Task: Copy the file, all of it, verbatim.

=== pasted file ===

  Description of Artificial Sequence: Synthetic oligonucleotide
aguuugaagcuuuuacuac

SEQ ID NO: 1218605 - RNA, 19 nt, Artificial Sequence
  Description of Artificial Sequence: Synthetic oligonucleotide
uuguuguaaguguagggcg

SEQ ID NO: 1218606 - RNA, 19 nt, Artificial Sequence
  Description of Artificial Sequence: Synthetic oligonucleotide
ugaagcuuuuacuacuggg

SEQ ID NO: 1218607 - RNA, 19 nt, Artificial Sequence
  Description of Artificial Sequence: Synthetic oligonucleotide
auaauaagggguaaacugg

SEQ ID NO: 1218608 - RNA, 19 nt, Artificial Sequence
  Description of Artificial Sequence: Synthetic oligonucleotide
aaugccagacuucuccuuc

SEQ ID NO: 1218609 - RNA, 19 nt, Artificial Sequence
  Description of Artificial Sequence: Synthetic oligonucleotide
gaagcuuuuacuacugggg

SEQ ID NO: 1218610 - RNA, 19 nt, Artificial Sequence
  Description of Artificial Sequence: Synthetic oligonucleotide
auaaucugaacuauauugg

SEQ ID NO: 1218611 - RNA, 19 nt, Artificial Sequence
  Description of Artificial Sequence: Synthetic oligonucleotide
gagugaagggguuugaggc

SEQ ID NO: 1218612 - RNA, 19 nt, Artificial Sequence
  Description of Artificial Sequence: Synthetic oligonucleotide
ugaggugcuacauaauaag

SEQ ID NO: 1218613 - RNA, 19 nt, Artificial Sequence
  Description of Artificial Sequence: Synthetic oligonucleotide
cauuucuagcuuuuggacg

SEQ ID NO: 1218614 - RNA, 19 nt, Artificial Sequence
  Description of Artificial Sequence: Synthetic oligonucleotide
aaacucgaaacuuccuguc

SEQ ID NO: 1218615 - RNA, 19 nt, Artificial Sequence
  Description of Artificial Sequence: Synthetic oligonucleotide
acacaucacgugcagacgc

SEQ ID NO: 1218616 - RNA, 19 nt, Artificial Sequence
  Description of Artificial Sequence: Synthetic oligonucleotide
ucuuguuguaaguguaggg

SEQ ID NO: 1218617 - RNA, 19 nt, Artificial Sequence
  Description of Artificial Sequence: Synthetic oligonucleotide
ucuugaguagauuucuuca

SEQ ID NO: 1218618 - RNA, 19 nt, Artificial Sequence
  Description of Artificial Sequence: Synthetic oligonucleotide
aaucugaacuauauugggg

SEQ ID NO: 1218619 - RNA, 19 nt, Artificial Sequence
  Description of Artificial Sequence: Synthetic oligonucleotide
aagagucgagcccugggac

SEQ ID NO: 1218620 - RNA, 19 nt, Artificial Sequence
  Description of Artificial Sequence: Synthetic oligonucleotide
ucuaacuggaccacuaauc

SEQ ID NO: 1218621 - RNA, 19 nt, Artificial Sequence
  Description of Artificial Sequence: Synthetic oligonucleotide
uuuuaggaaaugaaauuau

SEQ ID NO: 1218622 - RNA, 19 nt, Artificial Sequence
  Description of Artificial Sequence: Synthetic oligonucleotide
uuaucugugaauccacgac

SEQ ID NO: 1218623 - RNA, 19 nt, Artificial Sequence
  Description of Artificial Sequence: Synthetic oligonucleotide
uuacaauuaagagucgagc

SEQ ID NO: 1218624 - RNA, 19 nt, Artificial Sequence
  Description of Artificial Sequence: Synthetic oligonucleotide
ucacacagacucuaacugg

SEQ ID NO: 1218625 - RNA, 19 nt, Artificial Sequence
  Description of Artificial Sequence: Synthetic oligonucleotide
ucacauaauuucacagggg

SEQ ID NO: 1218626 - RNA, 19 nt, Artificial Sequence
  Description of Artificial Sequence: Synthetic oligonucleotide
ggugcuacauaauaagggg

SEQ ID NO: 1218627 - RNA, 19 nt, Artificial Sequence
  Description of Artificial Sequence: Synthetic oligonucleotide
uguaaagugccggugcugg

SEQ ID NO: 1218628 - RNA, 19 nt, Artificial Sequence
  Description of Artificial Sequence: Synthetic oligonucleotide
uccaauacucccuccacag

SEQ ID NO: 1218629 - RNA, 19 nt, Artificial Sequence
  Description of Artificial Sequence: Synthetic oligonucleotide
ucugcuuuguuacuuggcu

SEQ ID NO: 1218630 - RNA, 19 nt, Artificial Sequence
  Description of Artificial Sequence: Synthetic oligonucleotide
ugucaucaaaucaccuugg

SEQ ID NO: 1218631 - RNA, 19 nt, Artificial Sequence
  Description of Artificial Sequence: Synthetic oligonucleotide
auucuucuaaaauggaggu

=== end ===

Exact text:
  Description of Artificial Sequence: Synthetic oligonucleotide
aguuugaagcuuuuacuac

SEQ ID NO: 1218605 - RNA, 19 nt, Artificial Sequence
  Description of Artificial Sequence: Synthetic oligonucleotide
uuguuguaaguguagggcg

SEQ ID NO: 1218606 - RNA, 19 nt, Artificial Sequence
  Description of Artificial Sequence: Synthetic oligonucleotide
ugaagcuuuuacuacuggg

SEQ ID NO: 1218607 - RNA, 19 nt, Artificial Sequence
  Description of Artificial Sequence: Synthetic oligonucleotide
auaauaagggguaaacugg

SEQ ID NO: 1218608 - RNA, 19 nt, Artificial Sequence
  Description of Artificial Sequence: Synthetic oligonucleotide
aaugccagacuucuccuuc

SEQ ID NO: 1218609 - RNA, 19 nt, Artificial Sequence
  Description of Artificial Sequence: Synthetic oligonucleotide
gaagcuuuuacuacugggg

SEQ ID NO: 1218610 - RNA, 19 nt, Artificial Sequence
  Description of Artificial Sequence: Synthetic oligonucleotide
auaaucugaacuauauugg

SEQ ID NO: 1218611 - RNA, 19 nt, Artificial Sequence
  Description of Artificial Sequence: Synthetic oligonucleotide
gagugaagggguuugaggc

SEQ ID NO: 1218612 - RNA, 19 nt, Artificial Sequence
  Description of Artificial Sequence: Synthetic oligonucleotide
ugaggugcuacauaauaag

SEQ ID NO: 1218613 - RNA, 19 nt, Artificial Sequence
  Description of Artificial Sequence: Synthetic oligonucleotide
cauuucuagcuuuuggacg

SEQ ID NO: 1218614 - RNA, 19 nt, Artificial Sequence
  Description of Artificial Sequence: Synthetic oligonucleotide
aaacucgaaacuuccuguc

SEQ ID NO: 1218615 - RNA, 19 nt, Artificial Sequence
  Description of Artificial Sequence: Synthetic oligonucleotide
acacaucacgugcagacgc

SEQ ID NO: 1218616 - RNA, 19 nt, Artificial Sequence
  Description of Artificial Sequence: Synthetic oligonucleotide
ucuuguuguaaguguaggg

SEQ ID NO: 1218617 - RNA, 19 nt, Artificial Sequence
  Description of Artificial Sequence: Synthetic oligonucleotide
ucuugaguagauuucuuca

SEQ ID NO: 1218618 - RNA, 19 nt, Artificial Sequence
  Description of Artificial Sequence: Synthetic oligonucleotide
aaucugaacuauauugggg

SEQ ID NO: 1218619 - RNA, 19 nt, Artificial Sequence
  Description of Artificial Sequence: Synthetic oligonucleotide
aagagucgagcccugggac

SEQ ID NO: 1218620 - RNA, 19 nt, Artificial Sequence
  Description of Artificial Sequence: Synthetic oligonucleotide
ucuaacuggaccacuaauc

SEQ ID NO: 1218621 - RNA, 19 nt, Artificial Sequence
  Description of Artificial Sequence: Synthetic oligonucleotide
uuuuaggaaaugaaauuau

SEQ ID NO: 1218622 - RNA, 19 nt, Artificial Sequence
  Description of Artificial Sequence: Synthetic oligonucleotide
uuaucugugaauccacgac

SEQ ID NO: 1218623 - RNA, 19 nt, Artificial Sequence
  Description of Artificial Sequence: Synthetic oligonucleotide
uuacaauuaagagucgagc

SEQ ID NO: 1218624 - RNA, 19 nt, Artificial Sequence
  Description of Artificial Sequence: Synthetic oligonucleotide
ucacacagacucuaacugg

SEQ ID NO: 1218625 - RNA, 19 nt, Artificial Sequence
  Description of Artificial Sequence: Synthetic oligonucleotide
ucacauaauuucacagggg

SEQ ID NO: 1218626 - RNA, 19 nt, Artificial Sequence
  Description of Artificial Sequence: Synthetic oligonucleotide
ggugcuacauaauaagggg

SEQ ID NO: 1218627 - RNA, 19 nt, Artificial Sequence
  Description of Artificial Sequence: Synthetic oligonucleotide
uguaaagugccggugcugg

SEQ ID NO: 1218628 - RNA, 19 nt, Artificial Sequence
  Description of Artificial Sequence: Synthetic oligonucleotide
uccaauacucccuccacag

SEQ ID NO: 1218629 - RNA, 19 nt, Artificial Sequence
  Description of Artificial Sequence: Synthetic oligonucleotide
ucugcuuuguuacuuggcu

SEQ ID NO: 1218630 - RNA, 19 nt, Artificial Sequence
  Description of Artificial Sequence: Synthetic oligonucleotide
ugucaucaaaucaccuugg

SEQ ID NO: 1218631 - RNA, 19 nt, Artificial Sequence
  Description of Artificial Sequence: Synthetic oligonucleotide
auucuucuaaaauggaggu